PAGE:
For example, suppose you are on your way to work one afternoon on your motorcycle, and a speeding driver who runs a red light slams into you. An ambulance rushes you to a trauma center with a pelvic and skull fracture, a ruptured spleen, and a traumatic brain injury (TBI). Unfortunately, you cannot return to work for 72 shifts due to your injuries and need for physical and cognitive rehabilitation. You suffered 180 days with pain.
The insurance company might simplify your pain and suffering under the per diem method. The adjuster might take your daily earnings and multiply that amount by 180 (the days you missed work). At first glance, this might seem like a fair settlement demand for you. However, it’s less than adequate compensation for your type of motorcycle accident injury.
This example makes it easy to see how the per diem way of calculating pain and suffering isn’t ideal for all serious motorcycle accident injury claims. Even if the per diem method might have a fair result, you want your motorcycle accident lawyer handling these calculations – not the insurance company.
The Multiplier Method
The multiplier method is common to estimate compensation for motorcycle accident injury settlements, likely because it’s the most accurate to capture a victim’s pain and suffering.
It typically involves three steps:
- Add up all the hard costs of the motorcycle accident, such as medical treatment expenses, lost income, and out-of-pocket costs.
- Multiply that sum by a number (depending on the severity of your injuries and resulting disabilities) to account for your pain and suffering.
- Combine your hard costs with the pain and suffering amount to determine the total value of your motorcycle accident injury claim.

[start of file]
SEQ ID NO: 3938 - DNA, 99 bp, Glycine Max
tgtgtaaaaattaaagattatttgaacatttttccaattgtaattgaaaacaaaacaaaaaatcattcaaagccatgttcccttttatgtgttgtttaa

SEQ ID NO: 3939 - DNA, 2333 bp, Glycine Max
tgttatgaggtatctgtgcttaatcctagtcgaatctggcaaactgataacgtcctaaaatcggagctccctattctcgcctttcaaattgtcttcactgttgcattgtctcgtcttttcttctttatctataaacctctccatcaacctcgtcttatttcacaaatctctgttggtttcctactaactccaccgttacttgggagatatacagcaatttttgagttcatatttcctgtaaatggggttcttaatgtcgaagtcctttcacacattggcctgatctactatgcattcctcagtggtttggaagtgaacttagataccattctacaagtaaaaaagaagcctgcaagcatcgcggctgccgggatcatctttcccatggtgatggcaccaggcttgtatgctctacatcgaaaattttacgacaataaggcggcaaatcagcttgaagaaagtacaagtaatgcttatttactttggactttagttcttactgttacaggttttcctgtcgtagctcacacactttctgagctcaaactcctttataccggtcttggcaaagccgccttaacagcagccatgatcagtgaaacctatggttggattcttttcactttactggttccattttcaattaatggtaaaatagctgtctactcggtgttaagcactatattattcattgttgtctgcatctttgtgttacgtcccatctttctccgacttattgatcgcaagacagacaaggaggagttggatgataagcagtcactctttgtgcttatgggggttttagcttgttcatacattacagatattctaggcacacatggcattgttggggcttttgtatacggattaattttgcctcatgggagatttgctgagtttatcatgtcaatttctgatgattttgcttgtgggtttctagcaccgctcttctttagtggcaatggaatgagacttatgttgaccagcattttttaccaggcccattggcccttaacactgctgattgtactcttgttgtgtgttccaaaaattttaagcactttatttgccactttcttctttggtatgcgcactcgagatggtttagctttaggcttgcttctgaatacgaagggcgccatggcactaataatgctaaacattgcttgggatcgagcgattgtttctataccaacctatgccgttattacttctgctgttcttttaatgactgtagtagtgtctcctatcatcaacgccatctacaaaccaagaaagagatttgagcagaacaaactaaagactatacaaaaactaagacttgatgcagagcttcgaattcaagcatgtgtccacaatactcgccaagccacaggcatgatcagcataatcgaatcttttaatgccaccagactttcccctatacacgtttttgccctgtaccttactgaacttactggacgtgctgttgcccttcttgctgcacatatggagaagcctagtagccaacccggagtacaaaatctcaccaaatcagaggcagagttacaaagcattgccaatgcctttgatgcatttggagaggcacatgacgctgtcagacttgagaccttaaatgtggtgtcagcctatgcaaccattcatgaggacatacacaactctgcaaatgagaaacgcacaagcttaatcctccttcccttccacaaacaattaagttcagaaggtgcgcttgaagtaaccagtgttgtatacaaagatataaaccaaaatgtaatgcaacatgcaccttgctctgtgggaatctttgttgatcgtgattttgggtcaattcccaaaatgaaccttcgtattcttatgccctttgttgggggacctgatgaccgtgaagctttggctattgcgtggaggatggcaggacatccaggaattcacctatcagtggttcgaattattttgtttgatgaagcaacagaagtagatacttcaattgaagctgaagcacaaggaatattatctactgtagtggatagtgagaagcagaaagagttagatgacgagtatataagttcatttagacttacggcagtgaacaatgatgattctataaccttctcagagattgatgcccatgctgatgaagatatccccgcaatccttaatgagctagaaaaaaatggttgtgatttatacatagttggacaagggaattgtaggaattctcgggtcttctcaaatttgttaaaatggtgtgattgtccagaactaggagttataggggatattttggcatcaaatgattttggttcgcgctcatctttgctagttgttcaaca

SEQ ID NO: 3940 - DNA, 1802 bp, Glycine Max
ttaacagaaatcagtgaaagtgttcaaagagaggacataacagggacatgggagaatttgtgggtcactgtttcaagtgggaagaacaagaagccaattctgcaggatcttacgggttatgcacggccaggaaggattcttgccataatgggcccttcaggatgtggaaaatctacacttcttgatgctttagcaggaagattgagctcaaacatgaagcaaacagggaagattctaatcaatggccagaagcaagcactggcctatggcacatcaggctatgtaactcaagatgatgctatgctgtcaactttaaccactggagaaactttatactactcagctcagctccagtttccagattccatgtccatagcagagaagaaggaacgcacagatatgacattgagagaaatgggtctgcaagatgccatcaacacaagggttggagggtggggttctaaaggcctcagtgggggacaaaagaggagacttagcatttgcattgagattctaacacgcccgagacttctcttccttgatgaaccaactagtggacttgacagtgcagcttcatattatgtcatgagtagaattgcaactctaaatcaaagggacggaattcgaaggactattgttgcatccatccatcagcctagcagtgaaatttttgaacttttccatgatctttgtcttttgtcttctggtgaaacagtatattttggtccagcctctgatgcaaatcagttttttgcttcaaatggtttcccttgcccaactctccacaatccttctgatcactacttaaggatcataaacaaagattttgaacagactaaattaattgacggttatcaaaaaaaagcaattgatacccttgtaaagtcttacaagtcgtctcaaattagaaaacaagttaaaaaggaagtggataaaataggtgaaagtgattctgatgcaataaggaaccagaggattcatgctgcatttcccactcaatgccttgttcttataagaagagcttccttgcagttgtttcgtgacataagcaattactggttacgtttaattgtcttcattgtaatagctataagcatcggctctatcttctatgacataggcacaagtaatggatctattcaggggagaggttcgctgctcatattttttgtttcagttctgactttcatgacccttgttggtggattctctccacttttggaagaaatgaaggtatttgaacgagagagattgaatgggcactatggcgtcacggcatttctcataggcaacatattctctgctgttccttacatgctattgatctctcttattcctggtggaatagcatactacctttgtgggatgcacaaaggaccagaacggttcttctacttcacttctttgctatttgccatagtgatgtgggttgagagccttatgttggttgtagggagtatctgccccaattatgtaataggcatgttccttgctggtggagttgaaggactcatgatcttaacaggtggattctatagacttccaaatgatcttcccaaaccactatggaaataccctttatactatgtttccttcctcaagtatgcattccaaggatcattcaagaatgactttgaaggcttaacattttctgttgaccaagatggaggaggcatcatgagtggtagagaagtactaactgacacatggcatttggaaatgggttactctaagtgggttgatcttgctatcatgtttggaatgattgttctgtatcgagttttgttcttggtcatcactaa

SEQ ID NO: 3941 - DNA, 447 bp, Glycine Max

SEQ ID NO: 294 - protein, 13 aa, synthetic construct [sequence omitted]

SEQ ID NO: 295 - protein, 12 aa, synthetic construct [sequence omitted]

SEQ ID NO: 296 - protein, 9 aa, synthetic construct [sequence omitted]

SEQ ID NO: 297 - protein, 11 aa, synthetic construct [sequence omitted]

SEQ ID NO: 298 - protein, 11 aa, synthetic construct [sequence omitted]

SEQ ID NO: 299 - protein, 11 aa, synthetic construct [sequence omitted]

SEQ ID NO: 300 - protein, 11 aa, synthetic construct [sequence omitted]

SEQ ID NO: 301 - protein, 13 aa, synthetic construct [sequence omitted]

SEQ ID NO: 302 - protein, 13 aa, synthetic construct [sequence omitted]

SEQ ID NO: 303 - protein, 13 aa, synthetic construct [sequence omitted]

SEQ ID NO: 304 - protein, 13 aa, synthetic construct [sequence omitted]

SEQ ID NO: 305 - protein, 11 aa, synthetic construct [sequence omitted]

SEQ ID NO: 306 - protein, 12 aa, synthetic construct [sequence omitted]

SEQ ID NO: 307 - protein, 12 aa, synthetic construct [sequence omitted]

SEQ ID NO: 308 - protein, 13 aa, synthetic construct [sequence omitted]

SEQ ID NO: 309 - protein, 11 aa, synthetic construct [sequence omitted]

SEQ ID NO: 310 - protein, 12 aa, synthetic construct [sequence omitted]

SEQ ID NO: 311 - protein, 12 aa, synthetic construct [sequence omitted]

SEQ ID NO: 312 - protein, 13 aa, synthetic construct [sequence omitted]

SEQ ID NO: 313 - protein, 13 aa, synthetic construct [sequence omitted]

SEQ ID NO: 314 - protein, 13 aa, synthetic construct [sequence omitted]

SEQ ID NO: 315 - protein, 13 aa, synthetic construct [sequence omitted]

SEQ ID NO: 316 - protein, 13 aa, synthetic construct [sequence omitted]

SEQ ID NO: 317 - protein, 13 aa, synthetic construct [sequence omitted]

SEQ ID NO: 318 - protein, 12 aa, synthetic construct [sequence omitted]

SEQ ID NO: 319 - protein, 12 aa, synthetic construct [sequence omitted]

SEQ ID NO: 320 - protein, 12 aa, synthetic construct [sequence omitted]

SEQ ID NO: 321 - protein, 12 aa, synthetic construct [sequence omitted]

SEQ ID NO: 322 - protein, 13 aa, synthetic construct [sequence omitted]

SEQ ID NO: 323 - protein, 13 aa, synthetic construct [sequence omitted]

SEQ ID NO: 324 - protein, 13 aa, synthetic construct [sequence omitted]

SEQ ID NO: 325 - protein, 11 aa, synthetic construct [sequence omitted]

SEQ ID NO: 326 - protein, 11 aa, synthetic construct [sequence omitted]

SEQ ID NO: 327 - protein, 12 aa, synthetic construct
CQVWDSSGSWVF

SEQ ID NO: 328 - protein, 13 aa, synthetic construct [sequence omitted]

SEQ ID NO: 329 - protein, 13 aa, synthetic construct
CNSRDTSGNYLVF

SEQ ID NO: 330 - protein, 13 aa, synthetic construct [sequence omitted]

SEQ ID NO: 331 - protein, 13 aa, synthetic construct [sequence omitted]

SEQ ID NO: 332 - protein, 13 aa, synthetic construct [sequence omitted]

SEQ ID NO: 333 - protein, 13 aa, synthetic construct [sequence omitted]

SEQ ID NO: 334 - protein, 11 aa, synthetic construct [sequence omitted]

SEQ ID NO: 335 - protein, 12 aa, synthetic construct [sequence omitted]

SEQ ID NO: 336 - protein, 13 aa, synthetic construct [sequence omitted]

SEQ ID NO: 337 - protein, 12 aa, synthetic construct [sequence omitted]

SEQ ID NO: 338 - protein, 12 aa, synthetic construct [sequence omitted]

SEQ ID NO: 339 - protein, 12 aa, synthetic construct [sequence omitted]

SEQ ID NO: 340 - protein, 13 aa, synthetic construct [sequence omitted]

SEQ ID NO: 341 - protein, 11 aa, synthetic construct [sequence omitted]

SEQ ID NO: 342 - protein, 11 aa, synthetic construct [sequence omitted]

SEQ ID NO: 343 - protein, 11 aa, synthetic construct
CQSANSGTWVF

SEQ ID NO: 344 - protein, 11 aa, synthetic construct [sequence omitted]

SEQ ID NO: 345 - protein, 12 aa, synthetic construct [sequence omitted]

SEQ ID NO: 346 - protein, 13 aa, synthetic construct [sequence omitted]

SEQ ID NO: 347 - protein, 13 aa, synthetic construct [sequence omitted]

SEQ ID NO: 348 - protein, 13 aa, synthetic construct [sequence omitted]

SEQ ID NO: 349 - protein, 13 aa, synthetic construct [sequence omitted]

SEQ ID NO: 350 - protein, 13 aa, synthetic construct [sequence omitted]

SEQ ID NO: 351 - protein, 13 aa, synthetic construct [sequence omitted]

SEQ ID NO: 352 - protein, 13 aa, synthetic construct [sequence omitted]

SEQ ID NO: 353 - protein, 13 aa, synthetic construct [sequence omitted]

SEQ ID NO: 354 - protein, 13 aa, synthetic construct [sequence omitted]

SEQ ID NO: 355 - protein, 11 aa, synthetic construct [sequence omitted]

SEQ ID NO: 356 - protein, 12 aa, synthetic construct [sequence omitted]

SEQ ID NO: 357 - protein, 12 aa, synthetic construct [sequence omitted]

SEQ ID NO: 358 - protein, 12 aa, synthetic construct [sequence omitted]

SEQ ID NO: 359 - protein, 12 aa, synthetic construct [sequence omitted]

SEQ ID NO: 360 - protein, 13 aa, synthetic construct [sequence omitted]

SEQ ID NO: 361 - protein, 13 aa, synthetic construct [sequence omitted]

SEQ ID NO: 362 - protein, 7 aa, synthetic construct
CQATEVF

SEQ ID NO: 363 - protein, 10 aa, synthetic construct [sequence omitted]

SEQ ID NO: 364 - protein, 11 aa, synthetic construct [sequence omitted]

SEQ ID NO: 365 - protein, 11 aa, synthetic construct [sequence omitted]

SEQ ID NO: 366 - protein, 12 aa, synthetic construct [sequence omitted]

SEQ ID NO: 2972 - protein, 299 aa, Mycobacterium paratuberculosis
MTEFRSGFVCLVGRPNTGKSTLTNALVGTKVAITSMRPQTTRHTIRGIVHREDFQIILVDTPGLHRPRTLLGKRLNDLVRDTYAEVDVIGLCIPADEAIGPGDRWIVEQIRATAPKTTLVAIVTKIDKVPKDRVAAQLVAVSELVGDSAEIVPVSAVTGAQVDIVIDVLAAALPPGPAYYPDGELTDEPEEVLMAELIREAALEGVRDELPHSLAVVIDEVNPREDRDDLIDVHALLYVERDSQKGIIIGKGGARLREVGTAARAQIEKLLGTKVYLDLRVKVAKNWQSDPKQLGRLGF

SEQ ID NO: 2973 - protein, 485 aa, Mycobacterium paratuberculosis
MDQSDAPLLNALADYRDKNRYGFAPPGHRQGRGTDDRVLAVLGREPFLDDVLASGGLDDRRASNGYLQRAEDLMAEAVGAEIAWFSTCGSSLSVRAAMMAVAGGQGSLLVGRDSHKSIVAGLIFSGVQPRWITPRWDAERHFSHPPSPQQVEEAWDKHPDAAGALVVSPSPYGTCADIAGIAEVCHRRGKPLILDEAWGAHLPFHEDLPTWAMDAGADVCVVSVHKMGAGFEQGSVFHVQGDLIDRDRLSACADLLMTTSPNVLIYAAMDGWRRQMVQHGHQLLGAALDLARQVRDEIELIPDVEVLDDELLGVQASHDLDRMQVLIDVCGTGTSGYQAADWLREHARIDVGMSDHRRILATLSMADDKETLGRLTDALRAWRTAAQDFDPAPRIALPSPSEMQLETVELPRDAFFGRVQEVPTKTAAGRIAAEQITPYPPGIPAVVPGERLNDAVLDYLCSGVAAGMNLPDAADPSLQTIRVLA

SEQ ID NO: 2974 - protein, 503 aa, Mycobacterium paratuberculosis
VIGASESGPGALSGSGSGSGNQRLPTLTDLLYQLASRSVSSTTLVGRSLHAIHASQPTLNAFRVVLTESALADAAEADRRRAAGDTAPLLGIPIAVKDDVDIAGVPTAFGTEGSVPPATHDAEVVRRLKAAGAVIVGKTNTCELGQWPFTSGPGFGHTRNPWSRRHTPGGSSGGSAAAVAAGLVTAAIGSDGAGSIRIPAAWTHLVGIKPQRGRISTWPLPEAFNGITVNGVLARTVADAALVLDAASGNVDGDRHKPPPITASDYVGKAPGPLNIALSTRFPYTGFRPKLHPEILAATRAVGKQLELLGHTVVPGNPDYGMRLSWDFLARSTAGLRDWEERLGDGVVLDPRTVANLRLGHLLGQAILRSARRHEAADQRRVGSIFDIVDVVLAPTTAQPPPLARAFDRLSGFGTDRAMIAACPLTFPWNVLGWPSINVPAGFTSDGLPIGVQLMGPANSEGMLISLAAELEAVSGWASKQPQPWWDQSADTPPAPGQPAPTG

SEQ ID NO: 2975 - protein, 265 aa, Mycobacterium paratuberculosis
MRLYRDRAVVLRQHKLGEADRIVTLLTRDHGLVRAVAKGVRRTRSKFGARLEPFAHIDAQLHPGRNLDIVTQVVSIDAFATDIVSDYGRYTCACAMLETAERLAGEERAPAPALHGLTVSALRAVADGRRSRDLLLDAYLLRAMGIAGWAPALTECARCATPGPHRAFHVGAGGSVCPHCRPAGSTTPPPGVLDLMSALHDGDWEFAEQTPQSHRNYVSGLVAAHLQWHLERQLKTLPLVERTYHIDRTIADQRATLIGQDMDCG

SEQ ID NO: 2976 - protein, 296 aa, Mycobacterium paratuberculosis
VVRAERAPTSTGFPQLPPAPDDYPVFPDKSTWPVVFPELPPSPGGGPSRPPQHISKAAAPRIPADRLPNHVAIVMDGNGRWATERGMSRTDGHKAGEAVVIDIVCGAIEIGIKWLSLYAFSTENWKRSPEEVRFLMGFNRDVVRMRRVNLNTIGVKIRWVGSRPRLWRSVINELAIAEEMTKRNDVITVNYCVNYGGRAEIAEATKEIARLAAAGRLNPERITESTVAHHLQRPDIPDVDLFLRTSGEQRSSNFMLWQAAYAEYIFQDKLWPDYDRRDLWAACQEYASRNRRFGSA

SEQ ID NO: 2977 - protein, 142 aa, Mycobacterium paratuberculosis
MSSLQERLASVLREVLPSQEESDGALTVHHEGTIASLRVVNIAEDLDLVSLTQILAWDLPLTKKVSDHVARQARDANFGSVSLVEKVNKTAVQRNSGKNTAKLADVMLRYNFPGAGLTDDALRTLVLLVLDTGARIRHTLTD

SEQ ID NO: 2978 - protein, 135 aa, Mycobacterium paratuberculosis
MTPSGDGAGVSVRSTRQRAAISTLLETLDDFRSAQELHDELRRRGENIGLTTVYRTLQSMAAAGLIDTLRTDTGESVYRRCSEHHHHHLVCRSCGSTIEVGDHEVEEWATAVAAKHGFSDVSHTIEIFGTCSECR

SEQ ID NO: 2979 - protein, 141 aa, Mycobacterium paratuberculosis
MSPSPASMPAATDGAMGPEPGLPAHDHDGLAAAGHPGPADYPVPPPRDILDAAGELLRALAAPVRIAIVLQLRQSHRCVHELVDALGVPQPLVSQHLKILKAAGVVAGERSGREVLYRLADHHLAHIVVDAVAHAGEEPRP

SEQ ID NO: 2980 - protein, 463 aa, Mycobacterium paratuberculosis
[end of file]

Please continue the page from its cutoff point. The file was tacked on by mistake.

Serious motorcycle accident injuries resulting in disability, surgery, rehabilitation, or permanent scarring can garner a higher multiplier. However, you will need a seasoned motorcycle accident lawyer to negotiate a fair settlement for these severe or catastrophic injury cases.
By having a lawyer use the multiplier method, you might fight for a much higher settlement. Often, this method more precisely embodies the severe pain and suffering you have endured for your injuries.
Note that claimants in no-fault states aren’t eligible to receive compensation for pain and suffering under their Personal Injury Protection (PIP) coverage. However, PIP coverage applies only to relatively minor injury claims. Severe and catastrophic injury claims that surpass specific thresholds should always include money for pain and suffering within the demand.
If your accident happens in an at-fault state, pain and suffering calculations should always be part of your claim. This is also where the insurance company will work hard to minimize your payment. Adjusters highly underestimate pain and suffering values, as this is much easier to challenge than concrete financial losses you can prove through medical bills and pay statements.
Remember your pain and suffering is a compensable loss, and you should never limit your compensation to economic damages. To ensure you receive full compensation for pain and suffering – using either the per diem or multiplier method – always consult with a motorcycle accident lawyer before beginning the insurance claim process.
Each state has its own personal injury laws. Sometimes these laws affect how much an injured party can request or receive for personal injury damages, including those sustained in a motorcycle accident. Civil laws in the state where your accident occurred may cap how much you can receive for pain and suffering. Your motorcycle accident attorney will know the laws of your state and advise you on any limitations that might apply to your pain and suffering damages.
The policy limits of the at-fault party’s insurance coverage can also dictate how much you receive for pain and suffering damages. If you deserve compensation for your pain and suffering that exceeds the amount of the applicable insurance policies, your motorcycle accident attorney can help you potentially file a lawsuit seeking further financial recovery.